Often their trauma is so bad, that when the children first arrive, they can be very hateful toward me. But I feel blessed by the hate. Because I know it’s part of the healing process. And if they need someone to hate so that they can heal, I’m glad it can be me.”

Photo by Brandon Stanton, Humans of New York.

 

In the first few months of my ‘resolution,’ I thought she was on my mind as a warning: don’t be like her. She is going to drown in her own kindness.  But the more I began to question my new resolve to be less trusting and kind, the more her message turned into something I was supposed to learn from, not run from.

Life has been pretty picnic-like so far for me. And maybe that’s why I’m so tenderhearted…because I haven’t had to fight and claw against adversity. I had always thought that was a weakness of mine. But for the first time, I was starting to see that maybe I was supposed to be this way. Things were supposed to turn out for me so that I would have the openness to help other people.

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“If they need someone to hate so that they can heal, I’m glad it can be me.” That is bad-ass and Teflon tough.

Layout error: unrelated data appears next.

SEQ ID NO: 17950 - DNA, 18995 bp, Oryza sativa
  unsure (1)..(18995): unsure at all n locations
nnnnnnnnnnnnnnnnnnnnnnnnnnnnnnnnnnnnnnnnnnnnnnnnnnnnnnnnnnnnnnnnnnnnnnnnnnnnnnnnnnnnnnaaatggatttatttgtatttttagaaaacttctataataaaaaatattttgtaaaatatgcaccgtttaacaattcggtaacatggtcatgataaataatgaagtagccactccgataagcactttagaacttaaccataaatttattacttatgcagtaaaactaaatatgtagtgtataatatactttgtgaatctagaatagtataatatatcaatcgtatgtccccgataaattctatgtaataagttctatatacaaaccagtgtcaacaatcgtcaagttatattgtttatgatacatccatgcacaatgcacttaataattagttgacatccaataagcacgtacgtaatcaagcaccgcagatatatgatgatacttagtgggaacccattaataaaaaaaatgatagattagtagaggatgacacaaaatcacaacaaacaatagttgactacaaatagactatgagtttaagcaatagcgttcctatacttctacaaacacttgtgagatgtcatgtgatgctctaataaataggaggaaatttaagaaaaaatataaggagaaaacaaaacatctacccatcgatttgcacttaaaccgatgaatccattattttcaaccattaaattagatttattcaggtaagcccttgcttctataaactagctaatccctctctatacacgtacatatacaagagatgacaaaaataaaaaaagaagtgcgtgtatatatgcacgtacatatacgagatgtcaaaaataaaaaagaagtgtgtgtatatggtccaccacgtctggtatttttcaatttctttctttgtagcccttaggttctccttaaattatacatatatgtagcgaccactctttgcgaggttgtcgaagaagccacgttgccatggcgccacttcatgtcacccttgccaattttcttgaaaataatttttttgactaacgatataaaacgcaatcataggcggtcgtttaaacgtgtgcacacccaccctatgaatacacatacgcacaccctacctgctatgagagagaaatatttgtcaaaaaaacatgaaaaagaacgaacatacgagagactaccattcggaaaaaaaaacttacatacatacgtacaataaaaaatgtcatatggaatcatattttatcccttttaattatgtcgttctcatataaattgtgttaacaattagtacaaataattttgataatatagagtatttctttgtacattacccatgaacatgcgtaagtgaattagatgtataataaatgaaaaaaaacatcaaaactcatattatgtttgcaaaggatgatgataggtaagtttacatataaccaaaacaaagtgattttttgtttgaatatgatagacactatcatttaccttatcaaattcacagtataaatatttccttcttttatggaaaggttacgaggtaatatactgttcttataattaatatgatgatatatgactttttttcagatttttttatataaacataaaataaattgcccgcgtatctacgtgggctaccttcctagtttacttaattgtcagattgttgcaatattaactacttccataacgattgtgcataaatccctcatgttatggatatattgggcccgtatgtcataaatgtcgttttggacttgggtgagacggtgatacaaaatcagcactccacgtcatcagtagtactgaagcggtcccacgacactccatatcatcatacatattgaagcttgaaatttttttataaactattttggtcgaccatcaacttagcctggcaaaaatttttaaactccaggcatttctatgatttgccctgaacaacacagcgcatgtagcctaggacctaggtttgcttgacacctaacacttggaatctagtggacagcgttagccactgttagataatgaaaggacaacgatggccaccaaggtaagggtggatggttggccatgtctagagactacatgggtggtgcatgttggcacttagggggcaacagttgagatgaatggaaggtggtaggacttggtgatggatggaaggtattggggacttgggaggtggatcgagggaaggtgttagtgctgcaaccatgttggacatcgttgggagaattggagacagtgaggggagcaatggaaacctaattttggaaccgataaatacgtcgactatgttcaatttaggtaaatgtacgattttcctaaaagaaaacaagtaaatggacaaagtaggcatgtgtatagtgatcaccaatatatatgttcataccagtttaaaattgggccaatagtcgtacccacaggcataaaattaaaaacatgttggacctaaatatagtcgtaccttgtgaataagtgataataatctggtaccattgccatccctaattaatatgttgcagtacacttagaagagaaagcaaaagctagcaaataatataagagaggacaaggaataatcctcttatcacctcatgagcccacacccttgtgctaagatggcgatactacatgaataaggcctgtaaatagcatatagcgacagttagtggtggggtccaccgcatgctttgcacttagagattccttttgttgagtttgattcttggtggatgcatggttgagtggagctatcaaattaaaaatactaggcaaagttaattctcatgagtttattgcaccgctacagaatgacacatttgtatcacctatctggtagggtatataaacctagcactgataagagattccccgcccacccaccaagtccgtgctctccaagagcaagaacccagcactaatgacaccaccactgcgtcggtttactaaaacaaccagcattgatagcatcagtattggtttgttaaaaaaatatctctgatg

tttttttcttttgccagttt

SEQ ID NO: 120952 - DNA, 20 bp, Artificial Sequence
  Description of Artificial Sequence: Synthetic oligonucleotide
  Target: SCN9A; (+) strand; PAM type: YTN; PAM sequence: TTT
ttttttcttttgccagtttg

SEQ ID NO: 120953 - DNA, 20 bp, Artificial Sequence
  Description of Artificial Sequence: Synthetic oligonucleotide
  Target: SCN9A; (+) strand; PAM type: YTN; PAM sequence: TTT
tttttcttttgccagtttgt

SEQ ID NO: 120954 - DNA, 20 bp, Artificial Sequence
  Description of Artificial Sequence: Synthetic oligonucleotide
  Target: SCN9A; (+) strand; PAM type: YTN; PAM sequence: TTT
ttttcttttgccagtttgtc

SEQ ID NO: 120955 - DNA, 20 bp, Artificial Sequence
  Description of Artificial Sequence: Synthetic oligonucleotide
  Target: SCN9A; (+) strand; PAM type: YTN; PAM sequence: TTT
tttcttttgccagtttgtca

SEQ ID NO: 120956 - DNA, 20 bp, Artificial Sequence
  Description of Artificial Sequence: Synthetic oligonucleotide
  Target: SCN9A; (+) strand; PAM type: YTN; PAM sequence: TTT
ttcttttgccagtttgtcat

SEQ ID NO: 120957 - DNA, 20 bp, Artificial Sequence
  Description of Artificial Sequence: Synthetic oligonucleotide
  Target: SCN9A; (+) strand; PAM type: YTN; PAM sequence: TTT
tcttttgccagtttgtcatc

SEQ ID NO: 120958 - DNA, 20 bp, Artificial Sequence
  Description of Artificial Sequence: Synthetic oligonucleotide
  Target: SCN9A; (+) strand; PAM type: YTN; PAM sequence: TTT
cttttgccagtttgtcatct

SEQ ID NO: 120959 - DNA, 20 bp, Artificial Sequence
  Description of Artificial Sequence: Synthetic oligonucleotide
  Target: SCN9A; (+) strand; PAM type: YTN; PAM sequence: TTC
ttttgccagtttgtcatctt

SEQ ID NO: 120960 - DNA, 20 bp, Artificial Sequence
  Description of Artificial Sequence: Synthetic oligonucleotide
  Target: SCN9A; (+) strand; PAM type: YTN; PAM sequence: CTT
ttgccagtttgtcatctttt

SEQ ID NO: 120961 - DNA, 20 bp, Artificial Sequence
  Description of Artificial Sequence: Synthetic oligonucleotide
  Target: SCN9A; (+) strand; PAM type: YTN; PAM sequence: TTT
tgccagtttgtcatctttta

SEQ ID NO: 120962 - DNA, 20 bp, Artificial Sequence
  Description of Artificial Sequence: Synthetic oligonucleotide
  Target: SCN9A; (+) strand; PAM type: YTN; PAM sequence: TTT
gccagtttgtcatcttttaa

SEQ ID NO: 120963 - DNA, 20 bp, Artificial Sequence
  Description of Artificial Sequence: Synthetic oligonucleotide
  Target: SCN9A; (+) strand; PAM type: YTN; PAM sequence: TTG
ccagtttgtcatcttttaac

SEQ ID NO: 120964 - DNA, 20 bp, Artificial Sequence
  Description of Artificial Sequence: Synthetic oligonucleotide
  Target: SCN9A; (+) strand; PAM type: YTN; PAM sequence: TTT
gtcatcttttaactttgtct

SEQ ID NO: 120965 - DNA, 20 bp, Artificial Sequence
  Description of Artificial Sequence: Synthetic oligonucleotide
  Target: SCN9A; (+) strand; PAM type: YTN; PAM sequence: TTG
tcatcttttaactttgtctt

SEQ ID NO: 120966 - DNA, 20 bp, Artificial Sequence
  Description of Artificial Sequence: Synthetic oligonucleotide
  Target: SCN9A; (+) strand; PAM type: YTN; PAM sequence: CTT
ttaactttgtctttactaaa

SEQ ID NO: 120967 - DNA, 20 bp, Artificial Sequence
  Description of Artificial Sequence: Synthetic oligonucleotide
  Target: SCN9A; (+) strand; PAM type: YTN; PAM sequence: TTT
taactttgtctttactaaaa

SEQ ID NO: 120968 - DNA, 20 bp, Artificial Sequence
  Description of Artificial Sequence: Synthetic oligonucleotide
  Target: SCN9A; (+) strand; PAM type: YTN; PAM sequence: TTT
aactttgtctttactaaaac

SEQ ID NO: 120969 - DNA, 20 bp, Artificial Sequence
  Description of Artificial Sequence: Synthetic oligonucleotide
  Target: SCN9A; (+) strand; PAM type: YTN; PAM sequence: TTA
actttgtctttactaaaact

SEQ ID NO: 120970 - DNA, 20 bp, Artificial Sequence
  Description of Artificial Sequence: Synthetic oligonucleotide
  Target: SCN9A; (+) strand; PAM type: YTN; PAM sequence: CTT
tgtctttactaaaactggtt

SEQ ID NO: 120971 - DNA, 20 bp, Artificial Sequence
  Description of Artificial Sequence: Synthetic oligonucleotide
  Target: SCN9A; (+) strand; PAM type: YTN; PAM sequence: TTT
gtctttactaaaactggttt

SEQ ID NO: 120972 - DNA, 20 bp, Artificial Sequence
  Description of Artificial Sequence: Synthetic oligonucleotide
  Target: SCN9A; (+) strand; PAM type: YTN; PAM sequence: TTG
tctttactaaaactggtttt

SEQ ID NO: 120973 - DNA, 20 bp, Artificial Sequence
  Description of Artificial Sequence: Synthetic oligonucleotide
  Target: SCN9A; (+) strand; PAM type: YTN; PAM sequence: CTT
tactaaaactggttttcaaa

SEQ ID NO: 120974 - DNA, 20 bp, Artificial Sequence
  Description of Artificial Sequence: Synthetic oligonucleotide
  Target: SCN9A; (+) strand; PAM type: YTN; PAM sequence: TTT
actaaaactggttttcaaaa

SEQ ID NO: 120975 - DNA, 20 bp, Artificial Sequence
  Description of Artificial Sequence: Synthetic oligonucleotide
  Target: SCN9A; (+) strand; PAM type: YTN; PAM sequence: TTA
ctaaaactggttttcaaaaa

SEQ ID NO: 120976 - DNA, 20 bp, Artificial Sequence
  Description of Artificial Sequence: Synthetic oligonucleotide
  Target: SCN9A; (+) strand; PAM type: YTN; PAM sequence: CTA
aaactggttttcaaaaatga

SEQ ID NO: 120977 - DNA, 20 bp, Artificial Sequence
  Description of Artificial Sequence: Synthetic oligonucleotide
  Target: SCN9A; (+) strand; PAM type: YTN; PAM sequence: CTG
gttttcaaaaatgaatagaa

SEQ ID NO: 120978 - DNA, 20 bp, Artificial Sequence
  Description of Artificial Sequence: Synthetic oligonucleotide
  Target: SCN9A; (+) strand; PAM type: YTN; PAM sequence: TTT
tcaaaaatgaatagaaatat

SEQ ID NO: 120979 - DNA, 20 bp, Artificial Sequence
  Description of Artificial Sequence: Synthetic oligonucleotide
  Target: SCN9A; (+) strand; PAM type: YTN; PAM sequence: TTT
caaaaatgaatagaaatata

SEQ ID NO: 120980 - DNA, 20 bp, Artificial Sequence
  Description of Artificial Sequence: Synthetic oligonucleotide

So, I switched up my resolution. Spending so much energy trying to be something I’m not, in the hopes of not getting hurt, was depleting me. Just like Stella and her groove, I needed to get my nice back. I started consciously thinking of trust and kindness as strengths, not weaknesses. And, I started to feel a whole lot better.

You can protect yourself and be kind at the same time. Just remember that everyone is fighting their own battles. Maybe you could be the one that reaches out in love and puts a hole in their armor. And if that doesn’t work, walk away. And bring your bad-ass friends with you. You’re gonna need them.

IMG_4540This year, I hope you walk towards the person you were always meant to be. We all have a place, and we’re all needed. The bleeding hearts need the cynics to pull us up from the depths we plunge into. You tough ones need us Pollyannas to remind you that it’s okay to trust sometimes. 

If your resolution isn’t leading you towards what resonates in your core, give it up! I know I’m glad I did.

PeRsPeCtIvE